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 An Elite Distributor of O-Rings, Molded Gaskets and Seals to Global Companies

Published Wednesday, November 22, 2000 12:00:00 AM in The Daily Bulletin


SHE ILLUMINATES SATORI SEAL

Photos by Stan Lim/Staff Photographer

SUCCESS STORY: Anne Acebo-Houlihan, president of Satori Seal Co. in Rancho Cucamonga, says her company's profits continue to grow. This year she expects to see a 20 percent increase over last year, she said.


After the loss of her husband, Anne Acebo-Houlihan finds profits running Rancho O-ring business

Satori Seal workers Otto Reyes, foreground, warehouse manager, Les Matus works on company products such as O-rings, seals and custom-molded rubber products


By Elizabeth Zwerling

Staff Writer


When her husband died seven years ago, Anne Acebo-Houlihan didn't know what the future would hold for the business in Rancho Cucamonga they had run together.

"He died on a Friday, I came in Monday and called a meeting with all the employees and told them not to worry, that the company would continue," Acebo-Houlihan, president of Satori Seal, said of her late husband, Alex Acebo.

But the loss so shook her, she said, that she wasn't sure whether she would keep running the company, which manufactures and distributes O-rings, seals and other rubber products.

A year later, Acebo-Houlihan had increased the company's profits by more than 70 percent. Three years later, profits had increased by more than 140 percent.

Acebo-Houlihan would not reveal the company's annual revenues, but she said profits continue to grow. This year, she expects to see a 20 percent increase over last year.

Now 43 and recently remarried to Jesse Houlihan, Acebo-Houlihan attributes part of her success to making some difficult, but necessary, decisions along the way.

The biggest change came in 1994, just after her husband's death, when she conducted an in-depth review of the company's finances and found that the manufacturing arm of the company was actually draining resources.

Closing the manufacturing plant to focus solely on distribution of imported products was a difficult decision, Acebo-Houlihan said, because it meant laying off 12 of her 20 employees.

"But it was like I had a tree and some of the branches were dying and if I didn't take them off the whole tree could go down," she said.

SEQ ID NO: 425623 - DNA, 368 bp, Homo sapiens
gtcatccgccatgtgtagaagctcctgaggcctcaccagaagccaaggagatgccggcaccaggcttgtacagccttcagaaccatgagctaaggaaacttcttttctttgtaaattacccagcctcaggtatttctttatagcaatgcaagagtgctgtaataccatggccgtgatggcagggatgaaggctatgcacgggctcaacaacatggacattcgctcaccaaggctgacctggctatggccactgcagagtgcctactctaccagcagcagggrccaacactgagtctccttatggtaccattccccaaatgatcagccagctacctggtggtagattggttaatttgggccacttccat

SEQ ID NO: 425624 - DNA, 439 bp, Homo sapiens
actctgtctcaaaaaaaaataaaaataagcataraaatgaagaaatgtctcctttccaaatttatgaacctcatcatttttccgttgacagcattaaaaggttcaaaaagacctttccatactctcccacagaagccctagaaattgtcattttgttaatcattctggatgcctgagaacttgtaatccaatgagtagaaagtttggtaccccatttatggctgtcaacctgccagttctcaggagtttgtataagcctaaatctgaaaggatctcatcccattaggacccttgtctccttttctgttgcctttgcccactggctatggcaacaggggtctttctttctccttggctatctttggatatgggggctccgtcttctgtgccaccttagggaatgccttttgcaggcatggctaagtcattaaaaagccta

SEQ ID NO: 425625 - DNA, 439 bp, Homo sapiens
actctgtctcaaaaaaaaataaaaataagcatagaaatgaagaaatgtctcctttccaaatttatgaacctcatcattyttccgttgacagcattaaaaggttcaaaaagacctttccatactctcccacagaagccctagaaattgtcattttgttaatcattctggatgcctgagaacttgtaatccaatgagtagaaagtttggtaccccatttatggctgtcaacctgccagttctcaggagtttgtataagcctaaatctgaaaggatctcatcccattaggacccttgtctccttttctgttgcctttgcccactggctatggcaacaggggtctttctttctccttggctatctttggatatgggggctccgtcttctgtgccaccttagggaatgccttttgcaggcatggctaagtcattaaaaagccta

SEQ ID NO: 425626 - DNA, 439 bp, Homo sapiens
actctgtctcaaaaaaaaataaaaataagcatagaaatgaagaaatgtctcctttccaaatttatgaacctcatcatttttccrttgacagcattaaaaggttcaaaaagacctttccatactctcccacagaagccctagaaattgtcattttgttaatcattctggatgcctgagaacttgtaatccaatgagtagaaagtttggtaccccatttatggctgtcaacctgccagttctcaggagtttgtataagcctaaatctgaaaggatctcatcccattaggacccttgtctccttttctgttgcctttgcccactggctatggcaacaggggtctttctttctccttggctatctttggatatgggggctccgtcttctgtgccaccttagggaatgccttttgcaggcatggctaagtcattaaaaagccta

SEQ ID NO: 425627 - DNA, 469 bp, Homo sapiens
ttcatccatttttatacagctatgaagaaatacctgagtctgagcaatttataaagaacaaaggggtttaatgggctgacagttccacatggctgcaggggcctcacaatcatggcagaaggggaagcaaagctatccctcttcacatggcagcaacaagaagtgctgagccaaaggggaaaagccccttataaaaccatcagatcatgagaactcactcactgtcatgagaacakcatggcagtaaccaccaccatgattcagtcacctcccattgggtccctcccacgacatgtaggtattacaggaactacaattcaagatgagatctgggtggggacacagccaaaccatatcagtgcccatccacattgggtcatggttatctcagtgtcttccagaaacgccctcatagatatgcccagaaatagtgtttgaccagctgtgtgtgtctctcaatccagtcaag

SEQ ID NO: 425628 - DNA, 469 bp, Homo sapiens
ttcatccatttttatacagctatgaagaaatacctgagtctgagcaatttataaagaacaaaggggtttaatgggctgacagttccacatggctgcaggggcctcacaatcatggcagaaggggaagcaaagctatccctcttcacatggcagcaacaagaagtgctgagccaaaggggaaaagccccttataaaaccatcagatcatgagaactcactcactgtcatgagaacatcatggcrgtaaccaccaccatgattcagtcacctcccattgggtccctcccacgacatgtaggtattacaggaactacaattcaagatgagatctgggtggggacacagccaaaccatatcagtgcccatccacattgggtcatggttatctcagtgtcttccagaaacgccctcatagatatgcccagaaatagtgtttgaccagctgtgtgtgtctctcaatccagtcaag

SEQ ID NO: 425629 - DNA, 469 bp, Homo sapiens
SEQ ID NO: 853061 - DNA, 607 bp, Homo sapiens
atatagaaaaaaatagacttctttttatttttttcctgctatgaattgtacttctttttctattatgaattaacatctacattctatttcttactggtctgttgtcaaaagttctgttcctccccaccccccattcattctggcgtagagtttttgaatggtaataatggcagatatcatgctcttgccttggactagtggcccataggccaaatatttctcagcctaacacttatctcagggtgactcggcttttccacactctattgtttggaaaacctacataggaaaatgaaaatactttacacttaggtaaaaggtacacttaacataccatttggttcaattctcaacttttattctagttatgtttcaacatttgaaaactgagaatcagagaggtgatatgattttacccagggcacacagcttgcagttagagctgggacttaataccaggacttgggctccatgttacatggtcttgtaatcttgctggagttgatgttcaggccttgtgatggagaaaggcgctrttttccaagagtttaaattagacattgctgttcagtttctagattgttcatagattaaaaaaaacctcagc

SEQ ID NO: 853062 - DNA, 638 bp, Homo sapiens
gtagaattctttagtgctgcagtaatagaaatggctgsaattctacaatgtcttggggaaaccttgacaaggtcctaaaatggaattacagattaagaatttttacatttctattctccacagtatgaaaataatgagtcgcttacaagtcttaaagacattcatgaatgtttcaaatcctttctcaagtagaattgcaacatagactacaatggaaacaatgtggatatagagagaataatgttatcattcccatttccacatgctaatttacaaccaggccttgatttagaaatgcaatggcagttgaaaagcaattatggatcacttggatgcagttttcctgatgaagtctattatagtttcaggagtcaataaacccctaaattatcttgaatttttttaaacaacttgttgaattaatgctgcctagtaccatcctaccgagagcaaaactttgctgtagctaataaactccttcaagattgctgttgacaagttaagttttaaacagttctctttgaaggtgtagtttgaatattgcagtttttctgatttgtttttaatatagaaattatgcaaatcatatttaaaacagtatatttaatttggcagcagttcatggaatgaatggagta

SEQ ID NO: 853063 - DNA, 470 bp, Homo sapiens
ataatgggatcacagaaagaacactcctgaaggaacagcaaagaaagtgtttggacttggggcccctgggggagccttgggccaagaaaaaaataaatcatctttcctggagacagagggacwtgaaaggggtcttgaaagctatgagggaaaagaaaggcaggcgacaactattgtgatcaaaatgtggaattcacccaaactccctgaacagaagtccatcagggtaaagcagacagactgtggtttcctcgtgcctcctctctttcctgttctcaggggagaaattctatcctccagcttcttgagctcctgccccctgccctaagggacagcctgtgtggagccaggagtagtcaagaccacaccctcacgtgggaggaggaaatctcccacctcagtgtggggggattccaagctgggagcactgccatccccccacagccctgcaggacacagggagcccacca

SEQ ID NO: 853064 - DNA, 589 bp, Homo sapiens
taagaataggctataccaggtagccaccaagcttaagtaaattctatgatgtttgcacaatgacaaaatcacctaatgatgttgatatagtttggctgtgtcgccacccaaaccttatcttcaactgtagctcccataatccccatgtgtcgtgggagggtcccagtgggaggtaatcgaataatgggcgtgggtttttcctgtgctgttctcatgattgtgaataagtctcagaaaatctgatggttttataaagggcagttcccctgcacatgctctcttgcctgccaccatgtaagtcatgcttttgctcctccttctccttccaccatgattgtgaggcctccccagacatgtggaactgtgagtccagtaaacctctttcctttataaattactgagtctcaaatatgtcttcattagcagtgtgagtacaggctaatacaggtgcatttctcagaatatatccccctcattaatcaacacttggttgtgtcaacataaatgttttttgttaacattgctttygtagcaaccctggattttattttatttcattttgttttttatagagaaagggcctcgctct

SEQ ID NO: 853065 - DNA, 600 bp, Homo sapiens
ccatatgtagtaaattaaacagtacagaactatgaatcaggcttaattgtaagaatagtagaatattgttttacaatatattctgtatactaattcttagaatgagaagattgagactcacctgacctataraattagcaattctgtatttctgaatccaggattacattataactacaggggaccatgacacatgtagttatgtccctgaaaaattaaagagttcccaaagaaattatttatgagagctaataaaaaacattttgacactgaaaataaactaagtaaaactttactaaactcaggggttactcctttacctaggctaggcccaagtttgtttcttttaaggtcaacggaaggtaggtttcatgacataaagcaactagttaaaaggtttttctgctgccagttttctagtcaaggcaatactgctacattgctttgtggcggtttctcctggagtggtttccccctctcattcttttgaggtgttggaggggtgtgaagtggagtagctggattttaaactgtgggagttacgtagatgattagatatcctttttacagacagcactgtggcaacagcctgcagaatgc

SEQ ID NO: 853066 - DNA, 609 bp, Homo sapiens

Other difficult decisions have involved turning down high-priced contracts with companies whose integrity Acebo-Houlihan found questionable.

Though she is clearly detail-oriented and driven, Acebo-Houlihan runs a low-key firm. Two cats live full-time at the combined office-warehouse space and there is an almost family-like feeling among the small staff of seven.

Acebo-Houlihan brings this sense of caring about the work and the people she works with to her dealings with customers, said Barbara Collins, purchasing agent for Brea-based West Coast Gasket, which has done business with Satori Seals for five years.

"They are an excellent vendor, with very friendly people and fast service," Collins said. "They've never gotten an order wrong. I can't say enough about them."

Born in Glasgow, Scotland, Acebo-Houlihan came to the United States on what was supposed to be a short vacation in 1979. It was then that she met her first husband, whom she married the same year.

She attributes her success on a combination of luck, skill and timing. As for being a woman in a male-dominated field, she said that things have gotten better.

That may understate some of the challenges Acebo-Houlihan and other women business owners often face, said Teri Ooms, president of the Inland Empire Economic Partnership.

"I admire entrepreneurs, male or female. They all have to deal with the same types of risks - financial and social," Ooms said. She added, however, that women in business often face greater obstacles.

Though things have gotten better during the past 10 years, it is still harder for women to be taken seriously when it comes to things like obtaining business financing, Ooms said.

So women like Acebo-Houlihan have had to work "harder and smarter," Ooms said, adding that women-owned businesses are on the rise both locally and nationwide.


Elizabeth Zwerling can be reached by e-mail at e_zwerling@dailybulletin.com or by phone at (909) 483-8546.